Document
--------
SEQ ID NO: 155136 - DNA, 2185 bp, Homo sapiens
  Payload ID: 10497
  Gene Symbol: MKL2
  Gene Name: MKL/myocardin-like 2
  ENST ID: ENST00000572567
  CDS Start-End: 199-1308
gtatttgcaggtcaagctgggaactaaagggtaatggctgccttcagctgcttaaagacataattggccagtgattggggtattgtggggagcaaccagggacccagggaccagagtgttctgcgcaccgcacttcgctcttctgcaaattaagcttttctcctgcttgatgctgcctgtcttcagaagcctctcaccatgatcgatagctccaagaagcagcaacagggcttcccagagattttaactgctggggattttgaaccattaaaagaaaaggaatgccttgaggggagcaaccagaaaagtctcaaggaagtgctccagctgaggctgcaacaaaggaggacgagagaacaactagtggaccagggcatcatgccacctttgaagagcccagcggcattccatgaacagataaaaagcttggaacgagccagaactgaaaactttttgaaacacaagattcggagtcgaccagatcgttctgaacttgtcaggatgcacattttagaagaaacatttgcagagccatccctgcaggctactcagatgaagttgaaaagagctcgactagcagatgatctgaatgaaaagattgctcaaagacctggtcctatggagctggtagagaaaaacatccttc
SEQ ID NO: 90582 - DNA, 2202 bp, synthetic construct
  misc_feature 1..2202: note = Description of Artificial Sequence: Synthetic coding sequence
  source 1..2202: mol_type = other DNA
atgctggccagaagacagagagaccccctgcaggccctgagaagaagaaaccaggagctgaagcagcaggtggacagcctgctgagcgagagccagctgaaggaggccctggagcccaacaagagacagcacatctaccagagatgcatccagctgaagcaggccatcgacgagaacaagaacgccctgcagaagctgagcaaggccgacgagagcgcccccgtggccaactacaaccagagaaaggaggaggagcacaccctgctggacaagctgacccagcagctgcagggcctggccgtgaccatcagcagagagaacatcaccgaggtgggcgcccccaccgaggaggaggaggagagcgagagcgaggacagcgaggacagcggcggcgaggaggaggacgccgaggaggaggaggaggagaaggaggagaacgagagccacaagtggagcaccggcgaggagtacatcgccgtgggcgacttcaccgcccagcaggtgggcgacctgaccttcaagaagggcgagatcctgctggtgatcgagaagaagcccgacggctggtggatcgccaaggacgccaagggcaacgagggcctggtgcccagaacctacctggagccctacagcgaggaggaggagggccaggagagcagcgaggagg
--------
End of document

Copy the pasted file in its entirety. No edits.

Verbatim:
SEQ ID NO: 155136 - DNA, 2185 bp, Homo sapiens
  Payload ID: 10497
  Gene Symbol: MKL2
  Gene Name: MKL/myocardin-like 2
  ENST ID: ENST00000572567
  CDS Start-End: 199-1308
gtatttgcaggtcaagctgggaactaaagggtaatggctgccttcagctgcttaaagacataattggccagtgattggggtattgtggggagcaaccagggacccagggaccagagtgttctgcgcaccgcacttcgctcttctgcaaattaagcttttctcctgcttgatgctgcctgtcttcagaagcctctcaccatgatcgatagctccaagaagcagcaacagggcttcccagagattttaactgctggggattttgaaccattaaaagaaaaggaatgccttgaggggagcaaccagaaaagtctcaaggaagtgctccagctgaggctgcaacaaaggaggacgagagaacaactagtggaccagggcatcatgccacctttgaagagcccagcggcattccatgaacagataaaaagcttggaacgagccagaactgaaaactttttgaaacacaagattcggagtcgaccagatcgttctgaacttgtcaggatgcacattttagaagaaacatttgcagagccatccctgcaggctactcagatgaagttgaaaagagctcgactagcagatgatctgaatgaaaagattgctcaaagacctggtcctatggagctggtagagaaaaacatccttc
SEQ ID NO: 90582 - DNA, 2202 bp, synthetic construct
  misc_feature 1..2202: note = Description of Artificial Sequence: Synthetic coding sequence
  source 1..2202: mol_type = other DNA
atgctggccagaagacagagagaccccctgcaggccctgagaagaagaaaccaggagctgaagcagcaggtggacagcctgctgagcgagagccagctgaaggaggccctggagcccaacaagagacagcacatctaccagagatgcatccagctgaagcaggccatcgacgagaacaagaacgccctgcagaagctgagcaaggccgacgagagcgcccccgtggccaactacaaccagagaaaggaggaggagcacaccctgctggacaagctgacccagcagctgcagggcctggccgtgaccatcagcagagagaacatcaccgaggtgggcgcccccaccgaggaggaggaggagagcgagagcgaggacagcgaggacagcggcggcgaggaggaggacgccgaggaggaggaggaggagaaggaggagaacgagagccacaagtggagcaccggcgaggagtacatcgccgtgggcgacttcaccgcccagcaggtgggcgacctgaccttcaagaagggcgagatcctgctggtgatcgagaagaagcccgacggctggtggatcgccaaggacgccaagggcaacgagggcctggtgcccagaacctacctggagccctacagcgaggaggaggagggccaggagagcagcgaggagg